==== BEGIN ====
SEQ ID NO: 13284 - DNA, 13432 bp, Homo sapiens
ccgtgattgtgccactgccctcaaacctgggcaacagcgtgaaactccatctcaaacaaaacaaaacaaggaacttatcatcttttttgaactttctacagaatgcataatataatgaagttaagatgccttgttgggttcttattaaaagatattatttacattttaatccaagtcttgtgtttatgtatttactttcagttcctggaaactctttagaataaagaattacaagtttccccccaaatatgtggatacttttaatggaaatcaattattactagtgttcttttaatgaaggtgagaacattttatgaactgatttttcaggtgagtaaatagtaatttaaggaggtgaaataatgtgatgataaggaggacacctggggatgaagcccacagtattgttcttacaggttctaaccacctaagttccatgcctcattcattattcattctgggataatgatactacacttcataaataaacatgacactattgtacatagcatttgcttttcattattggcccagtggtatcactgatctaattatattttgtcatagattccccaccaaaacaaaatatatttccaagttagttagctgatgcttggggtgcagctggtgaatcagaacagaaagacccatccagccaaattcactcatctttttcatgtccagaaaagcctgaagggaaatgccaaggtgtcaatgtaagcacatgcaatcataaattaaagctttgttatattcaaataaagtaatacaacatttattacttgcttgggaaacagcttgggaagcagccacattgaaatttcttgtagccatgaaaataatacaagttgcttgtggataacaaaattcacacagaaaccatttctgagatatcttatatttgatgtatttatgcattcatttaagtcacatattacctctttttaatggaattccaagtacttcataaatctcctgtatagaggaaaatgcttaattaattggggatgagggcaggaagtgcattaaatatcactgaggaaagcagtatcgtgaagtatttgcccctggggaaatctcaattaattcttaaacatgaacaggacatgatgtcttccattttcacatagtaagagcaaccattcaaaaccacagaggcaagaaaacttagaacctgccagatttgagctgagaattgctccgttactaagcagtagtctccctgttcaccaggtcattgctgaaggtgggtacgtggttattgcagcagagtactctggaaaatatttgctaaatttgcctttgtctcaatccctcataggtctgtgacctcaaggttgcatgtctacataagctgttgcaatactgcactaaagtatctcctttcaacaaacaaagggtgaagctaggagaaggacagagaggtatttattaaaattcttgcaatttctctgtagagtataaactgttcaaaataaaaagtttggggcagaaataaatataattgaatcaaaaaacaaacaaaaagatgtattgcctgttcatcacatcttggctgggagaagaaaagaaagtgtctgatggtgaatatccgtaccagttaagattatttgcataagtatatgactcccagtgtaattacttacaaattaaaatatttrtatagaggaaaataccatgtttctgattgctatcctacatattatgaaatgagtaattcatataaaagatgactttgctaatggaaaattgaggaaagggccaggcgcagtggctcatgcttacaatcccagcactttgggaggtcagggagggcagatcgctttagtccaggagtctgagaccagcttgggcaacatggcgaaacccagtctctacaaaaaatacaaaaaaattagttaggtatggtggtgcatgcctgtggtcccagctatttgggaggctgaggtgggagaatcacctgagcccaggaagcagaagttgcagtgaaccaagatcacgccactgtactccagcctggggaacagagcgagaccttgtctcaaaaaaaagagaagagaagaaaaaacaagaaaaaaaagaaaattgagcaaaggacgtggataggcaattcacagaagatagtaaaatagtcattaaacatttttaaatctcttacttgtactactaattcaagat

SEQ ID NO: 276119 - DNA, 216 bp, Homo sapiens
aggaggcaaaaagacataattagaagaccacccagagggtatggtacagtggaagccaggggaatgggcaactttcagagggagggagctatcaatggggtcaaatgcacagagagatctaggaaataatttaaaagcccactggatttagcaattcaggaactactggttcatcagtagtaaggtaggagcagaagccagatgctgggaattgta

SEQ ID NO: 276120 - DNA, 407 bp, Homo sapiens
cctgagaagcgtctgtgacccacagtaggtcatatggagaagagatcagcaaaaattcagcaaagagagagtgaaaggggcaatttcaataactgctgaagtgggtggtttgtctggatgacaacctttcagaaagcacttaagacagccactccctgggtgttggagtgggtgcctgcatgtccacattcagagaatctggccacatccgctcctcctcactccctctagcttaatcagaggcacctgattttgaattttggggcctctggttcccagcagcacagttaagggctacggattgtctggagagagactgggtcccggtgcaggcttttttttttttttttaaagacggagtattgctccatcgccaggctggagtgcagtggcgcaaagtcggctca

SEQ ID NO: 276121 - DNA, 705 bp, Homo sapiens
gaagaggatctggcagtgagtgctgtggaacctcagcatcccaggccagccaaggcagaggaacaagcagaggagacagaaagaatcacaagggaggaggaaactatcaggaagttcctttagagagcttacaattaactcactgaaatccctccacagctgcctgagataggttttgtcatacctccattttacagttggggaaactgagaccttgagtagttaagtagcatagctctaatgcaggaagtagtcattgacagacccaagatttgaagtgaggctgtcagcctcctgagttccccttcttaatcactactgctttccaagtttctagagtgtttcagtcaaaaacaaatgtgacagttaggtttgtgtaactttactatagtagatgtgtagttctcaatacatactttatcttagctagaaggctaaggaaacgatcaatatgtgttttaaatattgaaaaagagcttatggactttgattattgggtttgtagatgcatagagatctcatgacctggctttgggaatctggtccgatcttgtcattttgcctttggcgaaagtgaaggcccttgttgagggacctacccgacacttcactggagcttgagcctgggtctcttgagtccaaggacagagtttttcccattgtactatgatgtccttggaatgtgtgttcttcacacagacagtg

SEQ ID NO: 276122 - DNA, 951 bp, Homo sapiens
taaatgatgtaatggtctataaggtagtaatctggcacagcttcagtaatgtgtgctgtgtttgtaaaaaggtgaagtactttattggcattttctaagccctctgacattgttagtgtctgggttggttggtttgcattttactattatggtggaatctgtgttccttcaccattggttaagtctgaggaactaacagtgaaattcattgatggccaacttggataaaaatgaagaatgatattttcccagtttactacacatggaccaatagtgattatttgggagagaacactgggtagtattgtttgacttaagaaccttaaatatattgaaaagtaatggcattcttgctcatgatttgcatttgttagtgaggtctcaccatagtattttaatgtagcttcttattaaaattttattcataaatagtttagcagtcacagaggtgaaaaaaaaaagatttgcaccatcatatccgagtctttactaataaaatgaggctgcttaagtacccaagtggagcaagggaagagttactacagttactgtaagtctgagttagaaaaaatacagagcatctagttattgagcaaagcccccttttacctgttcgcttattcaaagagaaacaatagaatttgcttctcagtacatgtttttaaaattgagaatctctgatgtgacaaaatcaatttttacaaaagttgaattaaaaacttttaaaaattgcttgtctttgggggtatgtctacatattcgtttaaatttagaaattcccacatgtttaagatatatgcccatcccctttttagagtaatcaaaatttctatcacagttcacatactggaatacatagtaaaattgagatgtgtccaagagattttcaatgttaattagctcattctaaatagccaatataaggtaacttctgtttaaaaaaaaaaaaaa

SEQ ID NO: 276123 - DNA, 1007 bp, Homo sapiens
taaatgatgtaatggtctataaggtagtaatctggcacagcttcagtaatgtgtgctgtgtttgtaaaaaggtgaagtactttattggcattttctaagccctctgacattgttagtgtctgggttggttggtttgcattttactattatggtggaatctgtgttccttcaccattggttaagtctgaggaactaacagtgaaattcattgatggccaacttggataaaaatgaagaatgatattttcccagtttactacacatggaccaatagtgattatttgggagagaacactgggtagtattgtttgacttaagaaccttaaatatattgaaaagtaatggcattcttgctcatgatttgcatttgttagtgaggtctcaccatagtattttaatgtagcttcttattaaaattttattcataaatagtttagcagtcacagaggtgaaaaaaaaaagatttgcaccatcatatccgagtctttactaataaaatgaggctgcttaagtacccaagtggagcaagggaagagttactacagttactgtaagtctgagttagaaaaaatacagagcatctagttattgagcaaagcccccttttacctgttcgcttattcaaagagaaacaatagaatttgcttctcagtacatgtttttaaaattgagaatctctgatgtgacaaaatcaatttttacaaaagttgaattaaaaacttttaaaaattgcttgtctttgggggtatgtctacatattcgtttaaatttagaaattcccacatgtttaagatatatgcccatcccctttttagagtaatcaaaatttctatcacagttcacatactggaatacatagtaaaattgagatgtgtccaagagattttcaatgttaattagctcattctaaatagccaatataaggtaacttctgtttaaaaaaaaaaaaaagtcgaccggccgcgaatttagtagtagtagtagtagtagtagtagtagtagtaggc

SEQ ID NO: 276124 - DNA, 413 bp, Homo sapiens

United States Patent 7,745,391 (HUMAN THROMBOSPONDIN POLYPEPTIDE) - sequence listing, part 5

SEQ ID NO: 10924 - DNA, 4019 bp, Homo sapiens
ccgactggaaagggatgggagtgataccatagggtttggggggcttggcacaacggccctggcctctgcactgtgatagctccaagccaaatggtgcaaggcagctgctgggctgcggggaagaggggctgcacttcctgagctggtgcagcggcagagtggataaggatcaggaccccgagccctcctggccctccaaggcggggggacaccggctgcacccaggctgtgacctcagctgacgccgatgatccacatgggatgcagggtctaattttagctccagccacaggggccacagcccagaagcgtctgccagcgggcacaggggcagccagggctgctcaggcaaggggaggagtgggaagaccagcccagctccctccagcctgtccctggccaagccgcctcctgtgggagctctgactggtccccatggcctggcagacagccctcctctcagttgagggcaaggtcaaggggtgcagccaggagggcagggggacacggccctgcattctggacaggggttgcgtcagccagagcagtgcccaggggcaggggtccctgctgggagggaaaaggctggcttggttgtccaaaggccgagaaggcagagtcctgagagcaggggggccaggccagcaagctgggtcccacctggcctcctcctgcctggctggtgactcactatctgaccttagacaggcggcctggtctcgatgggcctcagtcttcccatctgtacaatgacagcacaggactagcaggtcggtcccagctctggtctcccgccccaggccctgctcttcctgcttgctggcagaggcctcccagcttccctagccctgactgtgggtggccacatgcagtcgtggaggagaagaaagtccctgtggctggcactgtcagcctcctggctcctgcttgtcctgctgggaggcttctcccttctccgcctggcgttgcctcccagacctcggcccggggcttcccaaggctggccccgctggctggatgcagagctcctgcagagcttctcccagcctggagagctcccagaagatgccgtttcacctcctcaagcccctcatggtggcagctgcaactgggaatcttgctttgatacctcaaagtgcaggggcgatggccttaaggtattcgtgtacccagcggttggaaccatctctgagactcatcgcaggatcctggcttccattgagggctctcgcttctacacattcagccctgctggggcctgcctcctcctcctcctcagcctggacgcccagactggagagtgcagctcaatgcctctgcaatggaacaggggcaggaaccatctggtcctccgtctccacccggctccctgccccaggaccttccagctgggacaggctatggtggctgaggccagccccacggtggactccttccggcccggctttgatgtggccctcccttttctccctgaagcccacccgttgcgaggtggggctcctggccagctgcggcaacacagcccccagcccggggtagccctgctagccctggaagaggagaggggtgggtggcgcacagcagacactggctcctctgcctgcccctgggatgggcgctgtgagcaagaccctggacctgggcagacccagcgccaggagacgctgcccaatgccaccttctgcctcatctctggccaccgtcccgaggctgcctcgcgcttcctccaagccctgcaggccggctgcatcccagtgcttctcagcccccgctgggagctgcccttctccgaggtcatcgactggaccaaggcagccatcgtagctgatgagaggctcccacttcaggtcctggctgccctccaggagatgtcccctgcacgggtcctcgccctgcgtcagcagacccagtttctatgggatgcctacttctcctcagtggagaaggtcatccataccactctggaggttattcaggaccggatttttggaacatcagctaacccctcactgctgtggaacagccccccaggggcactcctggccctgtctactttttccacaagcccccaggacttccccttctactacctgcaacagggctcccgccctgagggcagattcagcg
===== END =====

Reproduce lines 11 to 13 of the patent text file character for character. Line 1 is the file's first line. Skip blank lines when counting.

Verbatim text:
SEQ ID NO: 276123 - DNA, 1007 bp, Homo sapiens
taaatgatgtaatggtctataaggtagtaatctggcacagcttcagtaatgtgtgctgtgtttgtaaaaaggtgaagtactttattggcattttctaagccctctgacattgttagtgtctgggttggttggtttgcattttactattatggtggaatctgtgttccttcaccattggttaagtctgaggaactaacagtgaaattcattgatggccaacttggataaaaatgaagaatgatattttcccagtttactacacatggaccaatagtgattatttgggagagaacactgggtagtattgtttgacttaagaaccttaaatatattgaaaagtaatggcattcttgctcatgatttgcatttgttagtgaggtctcaccatagtattttaatgtagcttcttattaaaattttattcataaatagtttagcagtcacagaggtgaaaaaaaaaagatttgcaccatcatatccgagtctttactaataaaatgaggctgcttaagtacccaagtggagcaagggaagagttactacagttactgtaagtctgagttagaaaaaatacagagcatctagttattgagcaaagcccccttttacctgttcgcttattcaaagagaaacaatagaatttgcttctcagtacatgtttttaaaattgagaatctctgatgtgacaaaatcaatttttacaaaagttgaattaaaaacttttaaaaattgcttgtctttgggggtatgtctacatattcgtttaaatttagaaattcccacatgtttaagatatatgcccatcccctttttagagtaatcaaaatttctatcacagttcacatactggaatacatagtaaaattgagatgtgtccaagagattttcaatgttaattagctcattctaaatagccaatataaggtaacttctgtttaaaaaaaaaaaaaagtcgaccggccgcgaatttagtagtagtagtagtagtagtagtagtagtagtaggc

SEQ ID NO: 276124 - DNA, 413 bp, Homo sapiens